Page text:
In 1961, Bella helped organize Women Strike for Peace to campaign for a nuclear test ban, going on to lead thousands of women in lobbying expeditions to Congress and the White House. During the Sixties, she came into her own as a rousing public speaker, anti-Vietnam war leader and political strategist, working in the reform Democratic and peace movements and election campaigns.

At age 50, she decided it was time to run for office herself, and run she did, in 1970, with her slogan: “This woman’s place is in the House —the House of Representatives.” She conducted an unorthodox, attention-getting congressional campaign, mostly in the streets of Greenwich Village, Little Italy, the Lower East Side, and Chelsea, backed up by hundreds of enthusiastic volunteers. She scored an upset primary victory over a longtime Democratic incumbent and went on to win the general election.

While in Congress, throughout the Seventies, Bella was also organizing women. The first planning sessions for the National Women’s Political Caucus were held in her office and in 1971 she became its first co-chair. She was chief political strategist for Democratic women in a successful campaign for equal representation — equal division — for women in all elective and appointive posts, including representation at Presidential nominating conventions. She now serves as a New York State representative on the Democratic Party National Committee.

She was an active policy adviser and organizer of women voters in the Democratic Party’s 1972, 1976, 1980, 1984, 1988 and 1992 Presidential campaigns.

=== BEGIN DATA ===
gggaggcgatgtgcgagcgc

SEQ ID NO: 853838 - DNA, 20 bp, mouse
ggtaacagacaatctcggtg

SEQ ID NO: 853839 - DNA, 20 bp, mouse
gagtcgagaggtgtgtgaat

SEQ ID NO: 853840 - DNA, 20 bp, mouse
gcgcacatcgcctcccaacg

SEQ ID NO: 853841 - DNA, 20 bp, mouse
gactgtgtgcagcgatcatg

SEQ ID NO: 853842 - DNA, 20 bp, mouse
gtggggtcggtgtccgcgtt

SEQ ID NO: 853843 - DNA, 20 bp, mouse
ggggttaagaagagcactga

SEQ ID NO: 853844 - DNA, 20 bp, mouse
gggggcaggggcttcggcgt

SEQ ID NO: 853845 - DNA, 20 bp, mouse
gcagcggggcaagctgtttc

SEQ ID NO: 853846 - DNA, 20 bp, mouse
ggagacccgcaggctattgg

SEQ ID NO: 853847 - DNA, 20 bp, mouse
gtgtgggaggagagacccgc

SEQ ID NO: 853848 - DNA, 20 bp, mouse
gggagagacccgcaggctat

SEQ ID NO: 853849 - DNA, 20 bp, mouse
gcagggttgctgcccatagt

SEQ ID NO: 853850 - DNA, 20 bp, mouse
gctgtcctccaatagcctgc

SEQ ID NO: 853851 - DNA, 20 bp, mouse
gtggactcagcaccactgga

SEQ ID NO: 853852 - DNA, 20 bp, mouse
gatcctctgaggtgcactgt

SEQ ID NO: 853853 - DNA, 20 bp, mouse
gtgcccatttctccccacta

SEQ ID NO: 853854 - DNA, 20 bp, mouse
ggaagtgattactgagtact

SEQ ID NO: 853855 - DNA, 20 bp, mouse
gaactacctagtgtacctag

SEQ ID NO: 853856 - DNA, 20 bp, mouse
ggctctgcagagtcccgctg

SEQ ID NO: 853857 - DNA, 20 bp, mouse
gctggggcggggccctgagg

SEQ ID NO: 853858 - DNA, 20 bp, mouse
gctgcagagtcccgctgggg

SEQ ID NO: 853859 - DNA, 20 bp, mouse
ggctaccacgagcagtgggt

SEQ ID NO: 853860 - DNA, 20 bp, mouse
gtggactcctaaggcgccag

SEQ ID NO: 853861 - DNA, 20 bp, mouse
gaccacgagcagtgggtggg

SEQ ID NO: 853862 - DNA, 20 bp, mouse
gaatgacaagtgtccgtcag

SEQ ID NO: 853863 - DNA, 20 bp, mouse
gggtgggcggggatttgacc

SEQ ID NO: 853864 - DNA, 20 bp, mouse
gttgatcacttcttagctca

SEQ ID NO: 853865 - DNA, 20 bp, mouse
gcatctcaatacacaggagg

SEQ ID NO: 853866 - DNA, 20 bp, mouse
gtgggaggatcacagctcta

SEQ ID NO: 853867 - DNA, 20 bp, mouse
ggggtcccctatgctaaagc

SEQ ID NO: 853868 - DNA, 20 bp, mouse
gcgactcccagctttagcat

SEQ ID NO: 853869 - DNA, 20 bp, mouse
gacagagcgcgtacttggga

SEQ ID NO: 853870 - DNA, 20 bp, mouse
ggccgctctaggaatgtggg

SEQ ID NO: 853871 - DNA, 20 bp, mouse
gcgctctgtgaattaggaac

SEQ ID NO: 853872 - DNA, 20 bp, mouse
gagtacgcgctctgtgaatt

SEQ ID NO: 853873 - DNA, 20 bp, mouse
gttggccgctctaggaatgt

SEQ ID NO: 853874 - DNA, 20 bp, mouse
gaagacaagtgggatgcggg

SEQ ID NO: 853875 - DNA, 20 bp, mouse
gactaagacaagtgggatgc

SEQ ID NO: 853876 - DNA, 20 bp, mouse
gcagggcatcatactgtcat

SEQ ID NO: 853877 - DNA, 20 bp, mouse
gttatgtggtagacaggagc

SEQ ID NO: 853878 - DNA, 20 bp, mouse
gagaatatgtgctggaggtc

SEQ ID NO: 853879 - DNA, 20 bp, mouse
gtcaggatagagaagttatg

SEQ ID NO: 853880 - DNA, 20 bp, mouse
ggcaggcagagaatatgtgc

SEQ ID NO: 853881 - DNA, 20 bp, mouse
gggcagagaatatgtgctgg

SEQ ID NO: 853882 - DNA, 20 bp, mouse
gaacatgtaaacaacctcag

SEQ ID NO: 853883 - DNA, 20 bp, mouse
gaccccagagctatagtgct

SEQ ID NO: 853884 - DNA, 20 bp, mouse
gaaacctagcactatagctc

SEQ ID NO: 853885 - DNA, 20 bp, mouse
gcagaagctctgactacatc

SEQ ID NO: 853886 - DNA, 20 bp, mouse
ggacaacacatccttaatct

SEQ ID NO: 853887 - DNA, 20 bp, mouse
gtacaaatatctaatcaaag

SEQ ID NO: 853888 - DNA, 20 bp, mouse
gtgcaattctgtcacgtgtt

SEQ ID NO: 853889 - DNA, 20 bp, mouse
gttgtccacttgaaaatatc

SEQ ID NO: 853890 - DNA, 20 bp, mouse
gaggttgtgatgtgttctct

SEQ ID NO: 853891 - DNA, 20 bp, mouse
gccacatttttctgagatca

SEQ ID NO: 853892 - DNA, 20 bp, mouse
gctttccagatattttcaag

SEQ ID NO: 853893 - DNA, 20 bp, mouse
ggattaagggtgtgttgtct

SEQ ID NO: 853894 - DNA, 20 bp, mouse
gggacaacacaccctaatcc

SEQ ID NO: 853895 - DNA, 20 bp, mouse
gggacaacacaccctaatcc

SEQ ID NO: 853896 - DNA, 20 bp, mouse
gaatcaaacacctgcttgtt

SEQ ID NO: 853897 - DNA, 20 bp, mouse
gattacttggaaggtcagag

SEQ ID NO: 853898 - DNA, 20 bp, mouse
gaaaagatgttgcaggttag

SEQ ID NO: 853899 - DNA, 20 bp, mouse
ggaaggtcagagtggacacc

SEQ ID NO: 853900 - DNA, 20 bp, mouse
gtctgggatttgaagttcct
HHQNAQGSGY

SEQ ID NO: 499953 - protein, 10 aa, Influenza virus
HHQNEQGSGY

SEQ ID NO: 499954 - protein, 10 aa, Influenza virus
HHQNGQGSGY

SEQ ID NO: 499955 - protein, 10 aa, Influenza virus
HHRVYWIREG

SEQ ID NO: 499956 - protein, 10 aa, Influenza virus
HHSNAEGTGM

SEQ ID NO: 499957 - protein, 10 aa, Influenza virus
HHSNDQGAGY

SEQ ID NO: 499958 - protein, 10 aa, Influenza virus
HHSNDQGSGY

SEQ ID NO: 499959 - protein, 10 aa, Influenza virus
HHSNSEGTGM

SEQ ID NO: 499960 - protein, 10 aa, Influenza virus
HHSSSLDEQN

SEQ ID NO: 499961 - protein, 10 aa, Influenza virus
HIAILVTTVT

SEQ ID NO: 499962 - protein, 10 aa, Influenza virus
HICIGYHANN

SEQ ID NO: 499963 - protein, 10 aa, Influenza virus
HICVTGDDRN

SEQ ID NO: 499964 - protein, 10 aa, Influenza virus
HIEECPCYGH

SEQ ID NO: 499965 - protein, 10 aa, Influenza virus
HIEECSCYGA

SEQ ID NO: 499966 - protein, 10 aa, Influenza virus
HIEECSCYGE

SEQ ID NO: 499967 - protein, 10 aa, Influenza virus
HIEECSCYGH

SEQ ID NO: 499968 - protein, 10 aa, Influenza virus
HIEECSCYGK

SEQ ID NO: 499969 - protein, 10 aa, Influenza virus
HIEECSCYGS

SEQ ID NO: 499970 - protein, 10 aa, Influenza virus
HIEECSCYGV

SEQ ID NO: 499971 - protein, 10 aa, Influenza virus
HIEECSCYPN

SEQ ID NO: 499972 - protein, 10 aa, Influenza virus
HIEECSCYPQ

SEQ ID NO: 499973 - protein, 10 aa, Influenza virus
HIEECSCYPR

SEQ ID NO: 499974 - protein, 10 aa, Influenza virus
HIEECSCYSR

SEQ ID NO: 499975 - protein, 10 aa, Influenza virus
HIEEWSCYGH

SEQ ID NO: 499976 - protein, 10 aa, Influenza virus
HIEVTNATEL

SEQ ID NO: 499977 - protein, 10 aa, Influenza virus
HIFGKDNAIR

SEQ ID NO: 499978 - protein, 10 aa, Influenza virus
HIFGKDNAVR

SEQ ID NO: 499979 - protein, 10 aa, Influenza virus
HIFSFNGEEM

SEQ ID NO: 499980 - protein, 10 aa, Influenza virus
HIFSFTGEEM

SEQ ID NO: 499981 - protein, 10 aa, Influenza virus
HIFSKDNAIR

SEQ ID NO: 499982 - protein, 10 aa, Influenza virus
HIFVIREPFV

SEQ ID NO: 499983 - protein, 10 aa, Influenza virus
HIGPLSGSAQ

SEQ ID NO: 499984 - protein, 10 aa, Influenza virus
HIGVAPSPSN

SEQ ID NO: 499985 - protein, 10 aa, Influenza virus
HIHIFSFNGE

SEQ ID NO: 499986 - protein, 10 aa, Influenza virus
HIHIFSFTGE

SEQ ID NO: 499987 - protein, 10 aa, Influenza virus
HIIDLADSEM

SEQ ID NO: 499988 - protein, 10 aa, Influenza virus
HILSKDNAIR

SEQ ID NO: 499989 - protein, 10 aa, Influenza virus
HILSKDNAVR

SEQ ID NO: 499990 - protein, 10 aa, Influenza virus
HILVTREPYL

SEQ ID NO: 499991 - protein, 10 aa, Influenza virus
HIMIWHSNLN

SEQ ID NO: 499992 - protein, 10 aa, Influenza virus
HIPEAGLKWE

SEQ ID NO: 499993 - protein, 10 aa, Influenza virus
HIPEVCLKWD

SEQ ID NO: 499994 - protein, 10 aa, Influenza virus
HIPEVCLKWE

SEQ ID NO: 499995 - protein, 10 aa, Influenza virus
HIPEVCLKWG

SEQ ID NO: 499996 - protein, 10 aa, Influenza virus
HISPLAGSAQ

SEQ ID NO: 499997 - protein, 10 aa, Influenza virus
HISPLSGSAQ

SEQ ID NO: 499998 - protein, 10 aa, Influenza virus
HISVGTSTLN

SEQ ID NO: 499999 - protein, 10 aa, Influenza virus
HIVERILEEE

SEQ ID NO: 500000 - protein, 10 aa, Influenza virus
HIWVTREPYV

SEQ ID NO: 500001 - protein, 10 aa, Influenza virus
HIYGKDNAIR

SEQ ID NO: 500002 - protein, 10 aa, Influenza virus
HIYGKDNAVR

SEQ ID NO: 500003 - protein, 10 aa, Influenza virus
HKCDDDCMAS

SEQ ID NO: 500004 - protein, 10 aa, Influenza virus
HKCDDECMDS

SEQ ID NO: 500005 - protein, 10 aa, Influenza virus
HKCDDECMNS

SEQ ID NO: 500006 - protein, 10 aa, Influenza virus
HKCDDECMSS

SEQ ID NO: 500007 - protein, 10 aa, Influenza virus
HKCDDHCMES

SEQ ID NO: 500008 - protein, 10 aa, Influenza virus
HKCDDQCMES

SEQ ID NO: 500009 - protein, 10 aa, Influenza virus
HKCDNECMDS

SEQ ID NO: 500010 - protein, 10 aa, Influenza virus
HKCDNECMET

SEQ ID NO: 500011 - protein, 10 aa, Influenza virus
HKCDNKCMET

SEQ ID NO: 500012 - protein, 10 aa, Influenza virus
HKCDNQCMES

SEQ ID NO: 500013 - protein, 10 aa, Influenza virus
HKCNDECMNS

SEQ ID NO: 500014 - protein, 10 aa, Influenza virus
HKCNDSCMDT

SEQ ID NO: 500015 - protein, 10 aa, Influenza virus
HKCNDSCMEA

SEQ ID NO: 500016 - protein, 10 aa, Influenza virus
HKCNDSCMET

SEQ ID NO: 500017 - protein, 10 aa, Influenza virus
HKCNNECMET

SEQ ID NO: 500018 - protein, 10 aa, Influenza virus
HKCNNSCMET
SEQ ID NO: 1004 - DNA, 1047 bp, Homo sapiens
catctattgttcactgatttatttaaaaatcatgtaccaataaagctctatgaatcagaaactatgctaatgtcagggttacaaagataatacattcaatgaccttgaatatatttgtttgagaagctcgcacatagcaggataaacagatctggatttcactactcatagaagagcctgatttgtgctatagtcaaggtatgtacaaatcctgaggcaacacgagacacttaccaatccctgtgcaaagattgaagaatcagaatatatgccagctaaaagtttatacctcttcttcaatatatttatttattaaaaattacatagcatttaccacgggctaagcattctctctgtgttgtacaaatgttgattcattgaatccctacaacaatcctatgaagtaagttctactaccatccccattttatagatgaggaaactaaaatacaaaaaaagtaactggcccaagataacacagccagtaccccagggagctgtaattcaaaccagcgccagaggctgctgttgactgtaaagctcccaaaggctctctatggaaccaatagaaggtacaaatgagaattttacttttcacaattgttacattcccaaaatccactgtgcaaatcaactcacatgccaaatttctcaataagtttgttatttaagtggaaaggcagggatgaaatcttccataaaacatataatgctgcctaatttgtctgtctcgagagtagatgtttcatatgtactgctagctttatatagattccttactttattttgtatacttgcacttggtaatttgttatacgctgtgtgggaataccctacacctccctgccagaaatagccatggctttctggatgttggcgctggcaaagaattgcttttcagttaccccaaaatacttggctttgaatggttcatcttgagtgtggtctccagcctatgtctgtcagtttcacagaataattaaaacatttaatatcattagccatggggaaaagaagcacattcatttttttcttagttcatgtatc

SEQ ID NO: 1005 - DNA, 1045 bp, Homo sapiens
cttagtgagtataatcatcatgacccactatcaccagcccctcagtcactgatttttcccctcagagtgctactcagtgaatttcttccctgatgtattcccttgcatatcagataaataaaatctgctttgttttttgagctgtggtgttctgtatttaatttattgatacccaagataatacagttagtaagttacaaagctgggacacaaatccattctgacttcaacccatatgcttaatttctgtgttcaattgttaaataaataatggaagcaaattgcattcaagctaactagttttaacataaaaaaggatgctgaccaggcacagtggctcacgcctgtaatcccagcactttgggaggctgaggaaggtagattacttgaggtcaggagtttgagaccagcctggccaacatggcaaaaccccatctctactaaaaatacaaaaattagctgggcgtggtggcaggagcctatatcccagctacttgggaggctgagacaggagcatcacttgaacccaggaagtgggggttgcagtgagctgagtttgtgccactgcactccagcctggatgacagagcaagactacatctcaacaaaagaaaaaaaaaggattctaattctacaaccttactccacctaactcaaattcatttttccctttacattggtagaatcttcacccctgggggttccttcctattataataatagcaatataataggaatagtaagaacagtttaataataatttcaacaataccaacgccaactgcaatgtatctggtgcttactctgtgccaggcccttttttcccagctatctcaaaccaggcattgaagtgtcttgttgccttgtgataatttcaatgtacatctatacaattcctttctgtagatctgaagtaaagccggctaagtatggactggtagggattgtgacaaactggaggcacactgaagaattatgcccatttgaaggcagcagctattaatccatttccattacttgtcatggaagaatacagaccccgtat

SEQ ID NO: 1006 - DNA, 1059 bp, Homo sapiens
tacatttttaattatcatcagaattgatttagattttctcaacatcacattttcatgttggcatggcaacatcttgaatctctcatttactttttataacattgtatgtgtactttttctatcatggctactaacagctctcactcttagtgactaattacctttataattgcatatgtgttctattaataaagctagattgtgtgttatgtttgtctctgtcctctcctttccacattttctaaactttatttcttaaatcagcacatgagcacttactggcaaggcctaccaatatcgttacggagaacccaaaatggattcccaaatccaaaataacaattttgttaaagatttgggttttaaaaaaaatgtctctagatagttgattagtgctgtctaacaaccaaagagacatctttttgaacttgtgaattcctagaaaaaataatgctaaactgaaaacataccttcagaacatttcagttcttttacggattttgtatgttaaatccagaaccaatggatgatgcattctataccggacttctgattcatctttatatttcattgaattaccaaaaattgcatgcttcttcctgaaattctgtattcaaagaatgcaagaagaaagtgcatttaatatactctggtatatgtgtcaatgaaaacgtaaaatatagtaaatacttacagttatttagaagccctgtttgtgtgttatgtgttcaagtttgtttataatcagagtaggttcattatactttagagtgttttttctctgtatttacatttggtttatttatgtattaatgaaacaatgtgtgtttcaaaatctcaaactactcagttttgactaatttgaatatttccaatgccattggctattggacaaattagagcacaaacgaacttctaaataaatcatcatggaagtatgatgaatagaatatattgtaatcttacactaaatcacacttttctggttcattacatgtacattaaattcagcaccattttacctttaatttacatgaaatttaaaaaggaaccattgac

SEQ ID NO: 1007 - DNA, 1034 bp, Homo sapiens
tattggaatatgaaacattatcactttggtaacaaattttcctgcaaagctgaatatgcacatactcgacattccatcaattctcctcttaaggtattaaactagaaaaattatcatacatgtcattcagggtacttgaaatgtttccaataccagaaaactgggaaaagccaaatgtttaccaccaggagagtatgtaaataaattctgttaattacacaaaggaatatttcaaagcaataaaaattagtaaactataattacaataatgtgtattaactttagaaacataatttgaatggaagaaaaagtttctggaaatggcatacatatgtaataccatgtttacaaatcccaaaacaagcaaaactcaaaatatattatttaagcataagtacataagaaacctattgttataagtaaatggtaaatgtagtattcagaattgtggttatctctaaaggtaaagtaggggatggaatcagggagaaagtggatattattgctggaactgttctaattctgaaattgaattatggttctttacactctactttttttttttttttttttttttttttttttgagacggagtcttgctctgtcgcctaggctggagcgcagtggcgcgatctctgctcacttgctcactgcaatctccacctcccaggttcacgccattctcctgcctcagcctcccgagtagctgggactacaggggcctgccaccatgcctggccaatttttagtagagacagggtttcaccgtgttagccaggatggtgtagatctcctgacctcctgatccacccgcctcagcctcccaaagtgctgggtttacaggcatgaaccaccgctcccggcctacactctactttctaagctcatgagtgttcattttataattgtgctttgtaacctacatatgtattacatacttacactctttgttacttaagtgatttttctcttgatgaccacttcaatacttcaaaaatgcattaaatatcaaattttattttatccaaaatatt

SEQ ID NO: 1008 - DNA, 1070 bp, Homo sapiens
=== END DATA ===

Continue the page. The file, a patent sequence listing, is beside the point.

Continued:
After trying for the U.S. Senate in 1976 and losing a four-way primary race by less than 1 percent, Bella was named by President Carter to head the National Commission on the Observance of International Women’s Year, presiding in November 1977 over the landmark federally-funded National Women’s Conference in Houston.

While still in the House during the Ford administration, Bella and other Congresswomen succeeded in getting a $5 million appropriation for the conference, which included several thousand women delegates elected at public meetings in every State of the Union as well as First Ladies, past and present. The delegates adopted a 25-plank National Plan of Action, making specific recommendations on a broad range of issues affecting the status of women. Bella played a major role in the U.N. Decade of Women international conference in Mexico City and as an NGO observer and speaker at the 1980 Copenhagen and 1985 Nairobi U.N. women’s conferences. At the parallel NGO Forum in Nairobi, she organized a panel, titled “What If Women Ruled the World?”, attended by more than a thousand women, including conference delegates and parliamentarians.

In 1978, President Carter appointed Bella co-chair of his National Advisory Committee for Women, on which she served for 2 years. After the advisory committee publicly protested funding cuts in women’s programs, Bella was dismissed by President Carter as co-chair and a majority of the committee members resigned in protest. Nevertheless, Bella supported Jimmy Carter in his unsuccessful 1980 Presidential reelection bid.